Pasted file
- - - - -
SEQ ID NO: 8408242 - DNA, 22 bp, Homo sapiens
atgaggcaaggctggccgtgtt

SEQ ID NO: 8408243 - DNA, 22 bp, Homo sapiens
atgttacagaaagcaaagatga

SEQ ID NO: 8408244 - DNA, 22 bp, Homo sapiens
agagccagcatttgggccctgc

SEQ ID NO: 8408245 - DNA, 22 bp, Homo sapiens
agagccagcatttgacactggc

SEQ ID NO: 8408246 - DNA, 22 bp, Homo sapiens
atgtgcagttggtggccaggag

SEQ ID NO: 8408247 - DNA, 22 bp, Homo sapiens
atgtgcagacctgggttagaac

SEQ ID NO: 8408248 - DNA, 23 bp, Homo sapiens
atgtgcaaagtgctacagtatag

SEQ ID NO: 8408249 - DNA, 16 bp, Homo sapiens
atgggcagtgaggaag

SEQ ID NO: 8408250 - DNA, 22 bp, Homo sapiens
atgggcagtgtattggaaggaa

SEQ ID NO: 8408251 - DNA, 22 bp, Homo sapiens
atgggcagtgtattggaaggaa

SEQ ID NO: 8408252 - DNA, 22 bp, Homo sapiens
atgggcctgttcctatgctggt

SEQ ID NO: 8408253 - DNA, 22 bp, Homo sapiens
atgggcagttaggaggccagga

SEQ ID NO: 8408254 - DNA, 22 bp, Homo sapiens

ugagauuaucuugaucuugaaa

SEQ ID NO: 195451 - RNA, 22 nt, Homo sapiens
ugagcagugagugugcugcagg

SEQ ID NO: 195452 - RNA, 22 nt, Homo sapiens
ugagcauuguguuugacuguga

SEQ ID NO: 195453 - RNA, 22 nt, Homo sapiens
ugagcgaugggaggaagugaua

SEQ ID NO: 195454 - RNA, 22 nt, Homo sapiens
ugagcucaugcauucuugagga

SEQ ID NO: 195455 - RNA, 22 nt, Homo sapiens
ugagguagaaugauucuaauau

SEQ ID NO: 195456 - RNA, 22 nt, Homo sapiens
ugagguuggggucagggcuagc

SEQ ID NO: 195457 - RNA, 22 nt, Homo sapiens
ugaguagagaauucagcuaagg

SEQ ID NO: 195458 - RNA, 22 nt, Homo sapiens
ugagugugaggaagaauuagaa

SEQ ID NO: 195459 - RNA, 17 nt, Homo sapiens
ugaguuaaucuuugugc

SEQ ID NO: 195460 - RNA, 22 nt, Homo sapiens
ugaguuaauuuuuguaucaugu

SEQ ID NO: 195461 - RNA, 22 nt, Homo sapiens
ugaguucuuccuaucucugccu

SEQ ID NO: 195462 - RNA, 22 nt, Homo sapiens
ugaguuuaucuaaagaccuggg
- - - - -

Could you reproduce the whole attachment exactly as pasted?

SEQ ID NO: 8408242 - DNA, 22 bp, Homo sapiens
atgaggcaaggctggccgtgtt

SEQ ID NO: 8408243 - DNA, 22 bp, Homo sapiens
atgttacagaaagcaaagatga

SEQ ID NO: 8408244 - DNA, 22 bp, Homo sapiens
agagccagcatttgggccctgc

SEQ ID NO: 8408245 - DNA, 22 bp, Homo sapiens
agagccagcatttgacactggc

SEQ ID NO: 8408246 - DNA, 22 bp, Homo sapiens
atgtgcagttggtggccaggag

SEQ ID NO: 8408247 - DNA, 22 bp, Homo sapiens
atgtgcagacctgggttagaac

SEQ ID NO: 8408248 - DNA, 23 bp, Homo sapiens
atgtgcaaagtgctacagtatag

SEQ ID NO: 8408249 - DNA, 16 bp, Homo sapiens
atgggcagtgaggaag

SEQ ID NO: 8408250 - DNA, 22 bp, Homo sapiens
atgggcagtgtattggaaggaa

SEQ ID NO: 8408251 - DNA, 22 bp, Homo sapiens
atgggcagtgtattggaaggaa

SEQ ID NO: 8408252 - DNA, 22 bp, Homo sapiens
atgggcctgttcctatgctggt

SEQ ID NO: 8408253 - DNA, 22 bp, Homo sapiens
atgggcagttaggaggccagga

SEQ ID NO: 8408254 - DNA, 22 bp, Homo sapiens

ugagauuaucuugaucuugaaa

SEQ ID NO: 195451 - RNA, 22 nt, Homo sapiens
ugagcagugagugugcugcagg

SEQ ID NO: 195452 - RNA, 22 nt, Homo sapiens
ugagcauuguguuugacuguga

SEQ ID NO: 195453 - RNA, 22 nt, Homo sapiens
ugagcgaugggaggaagugaua

SEQ ID NO: 195454 - RNA, 22 nt, Homo sapiens
ugagcucaugcauucuugagga

SEQ ID NO: 195455 - RNA, 22 nt, Homo sapiens
ugagguagaaugauucuaauau

SEQ ID NO: 195456 - RNA, 22 nt, Homo sapiens
ugagguuggggucagggcuagc

SEQ ID NO: 195457 - RNA, 22 nt, Homo sapiens
ugaguagagaauucagcuaagg

SEQ ID NO: 195458 - RNA, 22 nt, Homo sapiens
ugagugugaggaagaauuagaa

SEQ ID NO: 195459 - RNA, 17 nt, Homo sapiens
ugaguuaaucuuugugc

SEQ ID NO: 195460 - RNA, 22 nt, Homo sapiens
ugaguuaauuuuuguaucaugu

SEQ ID NO: 195461 - RNA, 22 nt, Homo sapiens
ugaguucuuccuaucucugccu

SEQ ID NO: 195462 - RNA, 22 nt, Homo sapiens
ugaguuuaucuaaagaccuggg